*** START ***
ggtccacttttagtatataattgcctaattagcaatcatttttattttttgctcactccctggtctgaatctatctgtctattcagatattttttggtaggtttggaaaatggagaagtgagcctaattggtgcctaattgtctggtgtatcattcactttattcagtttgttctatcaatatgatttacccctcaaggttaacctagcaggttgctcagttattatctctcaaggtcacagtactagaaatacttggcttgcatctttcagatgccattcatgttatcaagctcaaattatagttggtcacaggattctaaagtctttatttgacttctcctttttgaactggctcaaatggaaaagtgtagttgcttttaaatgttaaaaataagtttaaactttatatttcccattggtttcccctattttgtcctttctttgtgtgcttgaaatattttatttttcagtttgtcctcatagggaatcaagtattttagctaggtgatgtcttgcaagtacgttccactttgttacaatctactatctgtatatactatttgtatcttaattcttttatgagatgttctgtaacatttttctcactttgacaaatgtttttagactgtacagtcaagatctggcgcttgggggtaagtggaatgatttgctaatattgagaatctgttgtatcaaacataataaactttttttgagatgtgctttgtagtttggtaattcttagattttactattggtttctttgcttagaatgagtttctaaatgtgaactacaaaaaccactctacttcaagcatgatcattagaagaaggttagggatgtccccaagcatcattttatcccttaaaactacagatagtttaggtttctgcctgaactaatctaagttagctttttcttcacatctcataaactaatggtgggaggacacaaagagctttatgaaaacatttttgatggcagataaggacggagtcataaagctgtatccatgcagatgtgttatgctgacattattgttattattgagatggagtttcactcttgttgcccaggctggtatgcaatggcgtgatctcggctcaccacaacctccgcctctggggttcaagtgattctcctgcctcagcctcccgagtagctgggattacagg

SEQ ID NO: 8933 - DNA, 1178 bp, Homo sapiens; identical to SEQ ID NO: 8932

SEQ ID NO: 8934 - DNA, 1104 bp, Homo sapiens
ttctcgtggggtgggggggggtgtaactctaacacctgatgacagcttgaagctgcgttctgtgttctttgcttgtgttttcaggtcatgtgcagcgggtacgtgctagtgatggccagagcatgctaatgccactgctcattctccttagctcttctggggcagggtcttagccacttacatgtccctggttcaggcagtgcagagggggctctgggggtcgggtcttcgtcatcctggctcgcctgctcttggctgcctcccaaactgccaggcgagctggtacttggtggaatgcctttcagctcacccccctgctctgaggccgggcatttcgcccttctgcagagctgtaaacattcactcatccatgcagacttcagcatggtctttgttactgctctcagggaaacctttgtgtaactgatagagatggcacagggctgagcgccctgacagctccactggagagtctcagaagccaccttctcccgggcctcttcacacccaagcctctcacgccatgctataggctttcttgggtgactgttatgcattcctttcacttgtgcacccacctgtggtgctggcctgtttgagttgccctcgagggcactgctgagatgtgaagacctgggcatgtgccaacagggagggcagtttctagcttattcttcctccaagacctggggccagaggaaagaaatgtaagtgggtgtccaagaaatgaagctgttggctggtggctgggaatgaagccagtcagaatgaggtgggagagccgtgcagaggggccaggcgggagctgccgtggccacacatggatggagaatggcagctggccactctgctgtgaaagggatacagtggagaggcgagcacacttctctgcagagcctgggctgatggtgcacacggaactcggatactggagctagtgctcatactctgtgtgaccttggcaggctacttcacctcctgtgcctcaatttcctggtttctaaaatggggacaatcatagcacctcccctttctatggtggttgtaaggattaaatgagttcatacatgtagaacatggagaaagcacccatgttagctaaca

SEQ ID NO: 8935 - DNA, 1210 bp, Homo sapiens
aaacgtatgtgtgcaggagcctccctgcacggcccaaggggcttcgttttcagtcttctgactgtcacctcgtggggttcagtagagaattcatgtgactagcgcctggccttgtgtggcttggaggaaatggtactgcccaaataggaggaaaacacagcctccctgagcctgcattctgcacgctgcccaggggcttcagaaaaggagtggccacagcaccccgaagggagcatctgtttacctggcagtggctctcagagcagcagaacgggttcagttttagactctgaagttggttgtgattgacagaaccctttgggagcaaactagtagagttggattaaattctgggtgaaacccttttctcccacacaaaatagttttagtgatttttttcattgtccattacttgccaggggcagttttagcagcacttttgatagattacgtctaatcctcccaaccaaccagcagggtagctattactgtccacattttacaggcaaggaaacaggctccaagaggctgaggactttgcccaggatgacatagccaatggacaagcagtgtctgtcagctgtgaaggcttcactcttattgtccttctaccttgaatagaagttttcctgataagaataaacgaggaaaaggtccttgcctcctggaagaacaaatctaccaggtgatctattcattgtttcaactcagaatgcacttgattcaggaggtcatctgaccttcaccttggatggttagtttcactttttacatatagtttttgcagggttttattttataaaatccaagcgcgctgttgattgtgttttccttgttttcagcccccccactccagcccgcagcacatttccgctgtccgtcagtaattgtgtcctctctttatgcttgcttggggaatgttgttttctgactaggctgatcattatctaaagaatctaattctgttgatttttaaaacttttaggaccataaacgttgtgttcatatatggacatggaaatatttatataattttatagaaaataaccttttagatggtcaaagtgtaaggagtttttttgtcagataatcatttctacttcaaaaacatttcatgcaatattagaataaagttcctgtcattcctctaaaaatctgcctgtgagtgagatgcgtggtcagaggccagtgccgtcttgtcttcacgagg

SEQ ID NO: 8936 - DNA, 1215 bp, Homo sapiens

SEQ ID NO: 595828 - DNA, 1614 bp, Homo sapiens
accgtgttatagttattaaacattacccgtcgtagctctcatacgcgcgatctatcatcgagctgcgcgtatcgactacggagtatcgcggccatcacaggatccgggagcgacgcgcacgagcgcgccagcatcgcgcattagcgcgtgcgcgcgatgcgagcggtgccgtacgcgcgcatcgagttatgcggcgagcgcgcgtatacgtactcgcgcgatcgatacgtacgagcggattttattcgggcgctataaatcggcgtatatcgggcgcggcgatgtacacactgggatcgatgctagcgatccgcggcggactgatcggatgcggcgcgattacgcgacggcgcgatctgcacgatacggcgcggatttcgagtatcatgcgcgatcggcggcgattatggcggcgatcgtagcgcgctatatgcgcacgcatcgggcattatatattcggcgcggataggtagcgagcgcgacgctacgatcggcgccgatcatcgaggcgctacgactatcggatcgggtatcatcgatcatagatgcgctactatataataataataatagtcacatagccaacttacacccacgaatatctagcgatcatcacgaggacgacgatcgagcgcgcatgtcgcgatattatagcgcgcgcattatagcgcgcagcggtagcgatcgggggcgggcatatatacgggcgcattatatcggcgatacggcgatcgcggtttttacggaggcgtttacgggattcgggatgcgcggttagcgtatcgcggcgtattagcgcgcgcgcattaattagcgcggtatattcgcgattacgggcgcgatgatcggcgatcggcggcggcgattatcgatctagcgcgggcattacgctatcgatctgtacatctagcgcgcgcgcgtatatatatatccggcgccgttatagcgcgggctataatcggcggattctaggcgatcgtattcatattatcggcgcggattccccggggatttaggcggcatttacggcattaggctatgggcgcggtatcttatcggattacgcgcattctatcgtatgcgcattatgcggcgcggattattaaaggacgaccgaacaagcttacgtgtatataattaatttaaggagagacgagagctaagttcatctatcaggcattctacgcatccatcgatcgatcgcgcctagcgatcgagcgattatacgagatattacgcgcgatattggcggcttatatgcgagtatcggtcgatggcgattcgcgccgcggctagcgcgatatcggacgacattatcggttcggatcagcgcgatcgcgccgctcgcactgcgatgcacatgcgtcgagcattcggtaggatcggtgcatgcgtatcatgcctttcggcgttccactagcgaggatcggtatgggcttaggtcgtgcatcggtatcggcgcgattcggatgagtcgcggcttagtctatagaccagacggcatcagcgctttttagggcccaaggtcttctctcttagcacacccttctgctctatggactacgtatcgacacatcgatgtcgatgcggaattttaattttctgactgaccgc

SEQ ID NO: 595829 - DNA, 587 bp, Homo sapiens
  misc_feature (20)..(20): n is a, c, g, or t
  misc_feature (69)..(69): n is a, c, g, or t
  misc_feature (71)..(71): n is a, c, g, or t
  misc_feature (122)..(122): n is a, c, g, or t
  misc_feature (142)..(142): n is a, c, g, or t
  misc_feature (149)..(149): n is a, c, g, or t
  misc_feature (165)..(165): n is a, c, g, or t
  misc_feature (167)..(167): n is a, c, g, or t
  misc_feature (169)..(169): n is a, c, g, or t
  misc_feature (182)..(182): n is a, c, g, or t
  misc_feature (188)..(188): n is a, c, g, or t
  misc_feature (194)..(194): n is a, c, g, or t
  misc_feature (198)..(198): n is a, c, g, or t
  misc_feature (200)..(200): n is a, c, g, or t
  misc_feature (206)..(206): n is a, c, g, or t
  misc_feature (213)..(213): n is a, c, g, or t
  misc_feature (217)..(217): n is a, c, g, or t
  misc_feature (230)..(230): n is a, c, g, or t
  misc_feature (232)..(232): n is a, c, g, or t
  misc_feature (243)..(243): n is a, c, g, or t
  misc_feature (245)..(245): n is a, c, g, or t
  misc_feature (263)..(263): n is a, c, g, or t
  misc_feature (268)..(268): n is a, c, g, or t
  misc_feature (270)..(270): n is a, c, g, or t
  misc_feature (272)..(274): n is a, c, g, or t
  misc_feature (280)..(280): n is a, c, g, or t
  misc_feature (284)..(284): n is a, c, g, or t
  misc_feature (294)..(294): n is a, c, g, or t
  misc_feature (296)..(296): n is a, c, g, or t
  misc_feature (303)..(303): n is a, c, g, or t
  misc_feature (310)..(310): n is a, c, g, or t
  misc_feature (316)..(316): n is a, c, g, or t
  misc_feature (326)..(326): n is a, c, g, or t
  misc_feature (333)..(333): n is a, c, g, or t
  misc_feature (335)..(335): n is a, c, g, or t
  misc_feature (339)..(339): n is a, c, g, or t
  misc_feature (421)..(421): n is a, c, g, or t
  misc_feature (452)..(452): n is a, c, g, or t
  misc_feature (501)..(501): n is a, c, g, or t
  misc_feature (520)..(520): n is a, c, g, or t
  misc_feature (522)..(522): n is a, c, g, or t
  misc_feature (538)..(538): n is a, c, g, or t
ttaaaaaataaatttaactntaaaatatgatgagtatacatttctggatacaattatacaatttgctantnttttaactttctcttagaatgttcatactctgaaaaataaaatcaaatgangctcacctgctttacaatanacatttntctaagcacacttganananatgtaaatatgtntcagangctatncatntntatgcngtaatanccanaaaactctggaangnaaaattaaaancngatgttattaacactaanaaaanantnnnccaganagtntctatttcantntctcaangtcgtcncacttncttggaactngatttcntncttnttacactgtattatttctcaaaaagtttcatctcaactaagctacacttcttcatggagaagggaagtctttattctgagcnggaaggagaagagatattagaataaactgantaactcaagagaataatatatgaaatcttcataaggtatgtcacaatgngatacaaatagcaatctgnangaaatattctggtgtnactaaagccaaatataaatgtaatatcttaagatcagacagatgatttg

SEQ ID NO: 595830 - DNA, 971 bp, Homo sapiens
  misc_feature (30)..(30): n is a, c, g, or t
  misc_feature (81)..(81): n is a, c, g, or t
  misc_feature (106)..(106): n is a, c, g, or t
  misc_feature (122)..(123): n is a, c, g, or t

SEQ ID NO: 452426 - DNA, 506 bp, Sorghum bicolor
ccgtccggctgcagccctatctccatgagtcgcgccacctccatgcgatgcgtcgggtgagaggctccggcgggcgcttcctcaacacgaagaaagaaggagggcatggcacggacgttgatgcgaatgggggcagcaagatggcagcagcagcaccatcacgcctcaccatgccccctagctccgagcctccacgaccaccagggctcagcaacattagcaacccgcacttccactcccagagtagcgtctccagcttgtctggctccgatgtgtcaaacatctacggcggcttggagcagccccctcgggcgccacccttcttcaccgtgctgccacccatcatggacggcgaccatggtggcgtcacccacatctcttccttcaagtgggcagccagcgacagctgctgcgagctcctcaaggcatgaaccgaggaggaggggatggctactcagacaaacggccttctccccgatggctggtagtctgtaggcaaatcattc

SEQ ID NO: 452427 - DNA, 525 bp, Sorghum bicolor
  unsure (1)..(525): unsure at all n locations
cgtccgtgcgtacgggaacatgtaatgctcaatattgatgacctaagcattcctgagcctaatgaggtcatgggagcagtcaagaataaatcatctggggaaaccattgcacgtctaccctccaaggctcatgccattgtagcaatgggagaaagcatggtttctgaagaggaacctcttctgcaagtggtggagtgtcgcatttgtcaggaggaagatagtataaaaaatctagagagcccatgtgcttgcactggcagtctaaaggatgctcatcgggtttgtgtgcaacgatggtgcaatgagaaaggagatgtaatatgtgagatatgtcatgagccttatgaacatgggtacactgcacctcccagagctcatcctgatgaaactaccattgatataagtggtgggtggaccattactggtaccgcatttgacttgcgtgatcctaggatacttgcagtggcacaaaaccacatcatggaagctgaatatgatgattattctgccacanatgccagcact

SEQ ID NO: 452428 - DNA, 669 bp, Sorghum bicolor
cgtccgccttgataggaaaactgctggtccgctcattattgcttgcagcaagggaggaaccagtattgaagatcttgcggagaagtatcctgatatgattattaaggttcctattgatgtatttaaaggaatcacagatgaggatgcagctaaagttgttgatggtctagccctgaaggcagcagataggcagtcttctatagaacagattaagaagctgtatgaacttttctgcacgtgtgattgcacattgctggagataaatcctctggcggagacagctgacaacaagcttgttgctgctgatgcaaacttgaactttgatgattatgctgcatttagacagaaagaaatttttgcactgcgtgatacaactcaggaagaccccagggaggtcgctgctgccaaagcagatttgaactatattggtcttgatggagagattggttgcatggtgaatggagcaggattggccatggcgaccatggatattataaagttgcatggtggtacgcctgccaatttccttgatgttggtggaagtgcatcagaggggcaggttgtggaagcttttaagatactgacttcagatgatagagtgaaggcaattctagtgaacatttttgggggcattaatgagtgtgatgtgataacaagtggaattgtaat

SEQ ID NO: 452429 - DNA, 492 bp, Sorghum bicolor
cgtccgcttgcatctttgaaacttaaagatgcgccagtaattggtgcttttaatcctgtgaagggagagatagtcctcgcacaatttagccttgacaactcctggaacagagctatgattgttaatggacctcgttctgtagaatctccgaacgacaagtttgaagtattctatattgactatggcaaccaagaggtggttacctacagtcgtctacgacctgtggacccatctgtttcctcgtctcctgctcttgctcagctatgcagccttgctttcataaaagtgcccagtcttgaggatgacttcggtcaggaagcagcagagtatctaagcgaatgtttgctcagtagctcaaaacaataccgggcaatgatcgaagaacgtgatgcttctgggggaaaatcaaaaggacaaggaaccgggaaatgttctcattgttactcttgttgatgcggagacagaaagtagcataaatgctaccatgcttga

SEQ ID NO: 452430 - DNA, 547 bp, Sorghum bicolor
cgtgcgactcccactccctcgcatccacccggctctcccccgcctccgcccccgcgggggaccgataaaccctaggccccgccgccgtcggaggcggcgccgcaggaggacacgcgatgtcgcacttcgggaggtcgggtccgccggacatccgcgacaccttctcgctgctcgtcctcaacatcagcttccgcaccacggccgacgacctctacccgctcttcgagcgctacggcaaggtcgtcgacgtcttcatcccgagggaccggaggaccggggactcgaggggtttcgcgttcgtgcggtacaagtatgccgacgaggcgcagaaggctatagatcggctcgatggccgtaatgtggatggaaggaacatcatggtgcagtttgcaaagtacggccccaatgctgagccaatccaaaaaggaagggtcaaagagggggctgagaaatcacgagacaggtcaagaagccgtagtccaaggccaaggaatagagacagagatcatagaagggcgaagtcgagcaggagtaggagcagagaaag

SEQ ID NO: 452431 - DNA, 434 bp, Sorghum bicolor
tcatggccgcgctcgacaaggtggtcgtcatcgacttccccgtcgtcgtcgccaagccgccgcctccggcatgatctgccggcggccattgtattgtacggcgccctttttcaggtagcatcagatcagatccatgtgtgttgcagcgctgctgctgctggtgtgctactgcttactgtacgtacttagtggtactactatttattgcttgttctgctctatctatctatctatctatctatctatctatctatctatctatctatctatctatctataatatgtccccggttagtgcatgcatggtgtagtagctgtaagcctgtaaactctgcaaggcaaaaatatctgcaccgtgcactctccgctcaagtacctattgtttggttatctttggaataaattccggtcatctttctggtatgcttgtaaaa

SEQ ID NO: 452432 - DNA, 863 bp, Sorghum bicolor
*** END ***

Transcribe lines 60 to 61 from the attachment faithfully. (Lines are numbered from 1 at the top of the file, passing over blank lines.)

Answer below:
ccgtccggctgcagccctatctccatgagtcgcgccacctccatgcgatgcgtcgggtgagaggctccggcgggcgcttcctcaacacgaagaaagaaggagggcatggcacggacgttgatgcgaatgggggcagcaagatggcagcagcagcaccatcacgcctcaccatgccccctagctccgagcctccacgaccaccagggctcagcaacattagcaacccgcacttccactcccagagtagcgtctccagcttgtctggctccgatgtgtcaaacatctacggcggcttggagcagccccctcgggcgccacccttcttcaccgtgctgccacccatcatggacggcgaccatggtggcgtcacccacatctcttccttcaagtgggcagccagcgacagctgctgcgagctcctcaaggcatgaaccgaggaggaggggatggctactcagacaaacggccttctccccgatggctggtagtctgtaggcaaatcattc

SEQ ID NO: 452427 - DNA, 525 bp, Sorghum bicolor